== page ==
A study has proved what has been believed for sometime, that following a strict Mediterranean diet offers protection against heart disease, cancer, Parkinson's and Alzheimer's.
Experts from the University of Florence looked into existing studies on the health gains of eating a diet rich in in olive oil, grains, fruits, nuts, vegetables and fish, but low in meat, dairy and alcohol.
The new study suggests that a "score" based on adherence to the Mediterranean diet could be used as a tool for helping cut the chance of people dying prematurely and from a range of diseases.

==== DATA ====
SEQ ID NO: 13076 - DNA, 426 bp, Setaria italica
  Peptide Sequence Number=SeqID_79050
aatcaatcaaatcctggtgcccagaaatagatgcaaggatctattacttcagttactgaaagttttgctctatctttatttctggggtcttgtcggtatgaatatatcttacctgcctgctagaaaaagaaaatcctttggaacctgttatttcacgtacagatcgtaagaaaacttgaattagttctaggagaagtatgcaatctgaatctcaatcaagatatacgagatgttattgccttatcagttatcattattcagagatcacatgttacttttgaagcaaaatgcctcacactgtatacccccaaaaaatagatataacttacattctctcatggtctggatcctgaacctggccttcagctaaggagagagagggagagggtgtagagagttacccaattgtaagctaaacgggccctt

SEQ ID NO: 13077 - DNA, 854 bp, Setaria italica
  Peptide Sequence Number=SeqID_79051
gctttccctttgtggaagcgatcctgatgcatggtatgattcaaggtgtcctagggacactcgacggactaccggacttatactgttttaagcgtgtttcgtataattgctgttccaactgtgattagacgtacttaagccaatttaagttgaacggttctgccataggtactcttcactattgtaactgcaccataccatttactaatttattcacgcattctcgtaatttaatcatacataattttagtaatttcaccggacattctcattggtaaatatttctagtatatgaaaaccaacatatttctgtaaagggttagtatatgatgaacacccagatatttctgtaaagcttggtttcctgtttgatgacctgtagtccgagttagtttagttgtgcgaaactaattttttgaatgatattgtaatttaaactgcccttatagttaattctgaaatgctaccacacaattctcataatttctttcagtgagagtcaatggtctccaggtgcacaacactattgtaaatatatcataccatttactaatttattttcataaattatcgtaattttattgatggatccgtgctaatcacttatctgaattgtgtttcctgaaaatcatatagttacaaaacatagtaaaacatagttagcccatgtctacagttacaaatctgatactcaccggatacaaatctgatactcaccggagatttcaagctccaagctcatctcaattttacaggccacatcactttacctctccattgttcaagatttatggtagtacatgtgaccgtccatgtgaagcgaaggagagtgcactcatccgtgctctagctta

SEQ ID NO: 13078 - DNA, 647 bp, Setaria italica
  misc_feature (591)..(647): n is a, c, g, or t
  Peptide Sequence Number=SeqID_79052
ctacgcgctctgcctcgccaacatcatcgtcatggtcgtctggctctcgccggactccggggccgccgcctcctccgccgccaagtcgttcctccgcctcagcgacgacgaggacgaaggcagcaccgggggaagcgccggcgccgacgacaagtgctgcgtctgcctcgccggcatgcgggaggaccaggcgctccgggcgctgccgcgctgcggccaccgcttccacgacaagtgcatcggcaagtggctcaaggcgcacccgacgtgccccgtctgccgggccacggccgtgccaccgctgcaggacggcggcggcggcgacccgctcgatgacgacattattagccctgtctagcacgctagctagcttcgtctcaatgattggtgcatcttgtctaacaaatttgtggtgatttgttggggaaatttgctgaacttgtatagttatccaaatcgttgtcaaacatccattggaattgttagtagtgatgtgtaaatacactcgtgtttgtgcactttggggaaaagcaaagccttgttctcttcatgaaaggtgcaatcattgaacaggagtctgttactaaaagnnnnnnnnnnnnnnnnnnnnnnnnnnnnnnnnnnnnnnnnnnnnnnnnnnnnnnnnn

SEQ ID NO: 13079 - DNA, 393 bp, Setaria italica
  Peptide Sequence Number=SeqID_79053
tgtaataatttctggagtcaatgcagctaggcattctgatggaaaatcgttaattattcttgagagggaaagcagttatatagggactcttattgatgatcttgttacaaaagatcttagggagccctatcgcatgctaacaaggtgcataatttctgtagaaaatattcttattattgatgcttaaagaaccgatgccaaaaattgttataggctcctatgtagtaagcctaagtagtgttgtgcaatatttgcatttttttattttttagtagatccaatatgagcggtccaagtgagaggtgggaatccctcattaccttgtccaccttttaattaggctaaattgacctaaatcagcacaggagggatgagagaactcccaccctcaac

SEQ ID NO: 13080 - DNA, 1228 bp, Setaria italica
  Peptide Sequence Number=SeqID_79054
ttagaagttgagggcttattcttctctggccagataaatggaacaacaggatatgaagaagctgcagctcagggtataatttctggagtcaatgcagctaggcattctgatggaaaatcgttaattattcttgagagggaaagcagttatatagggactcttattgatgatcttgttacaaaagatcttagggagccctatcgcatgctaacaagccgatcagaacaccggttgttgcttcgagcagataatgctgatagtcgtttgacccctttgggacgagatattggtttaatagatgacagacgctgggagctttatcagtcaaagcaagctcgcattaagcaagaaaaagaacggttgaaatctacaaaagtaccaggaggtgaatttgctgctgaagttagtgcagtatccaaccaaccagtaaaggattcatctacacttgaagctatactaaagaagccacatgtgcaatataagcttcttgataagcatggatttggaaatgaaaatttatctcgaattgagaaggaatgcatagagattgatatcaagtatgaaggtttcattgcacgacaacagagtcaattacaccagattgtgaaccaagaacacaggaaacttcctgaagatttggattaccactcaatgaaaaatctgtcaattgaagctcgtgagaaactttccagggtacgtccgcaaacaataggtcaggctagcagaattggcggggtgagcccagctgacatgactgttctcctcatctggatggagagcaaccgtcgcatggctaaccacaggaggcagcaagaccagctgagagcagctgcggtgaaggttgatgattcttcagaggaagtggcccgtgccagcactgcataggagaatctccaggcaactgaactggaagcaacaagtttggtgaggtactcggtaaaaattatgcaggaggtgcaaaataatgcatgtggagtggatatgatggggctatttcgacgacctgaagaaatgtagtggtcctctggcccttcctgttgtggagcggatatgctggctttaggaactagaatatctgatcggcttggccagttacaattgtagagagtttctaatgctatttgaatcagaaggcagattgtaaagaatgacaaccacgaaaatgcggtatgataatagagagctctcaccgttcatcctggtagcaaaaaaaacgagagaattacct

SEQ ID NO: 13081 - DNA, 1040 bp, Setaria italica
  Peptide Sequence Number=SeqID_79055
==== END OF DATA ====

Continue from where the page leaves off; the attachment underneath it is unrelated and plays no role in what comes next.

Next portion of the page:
Researchers looked at 12 studies on more than 1.5 million people and found that following a Mediterranean diet reduced the overall risk of dying early by 9%.
The chance of dying from cancer fell by 6% and the chance of dying from cardiovascular disease, including heart disease, by 9%.
The diet also resulted in a 13% reduction in the incidence of Parkinson's disease and Alzheimer's disease.
Writing in the British Medical Journal (BMJ), the authors said: "Greater adherence to a Mediterranean diet is associated with a significant improvement in health status.
"These results seem to be clinically relevant for public health, in particular for encouraging a Mediterranean-like dietary pattern for primary prevention of major chronic diseases."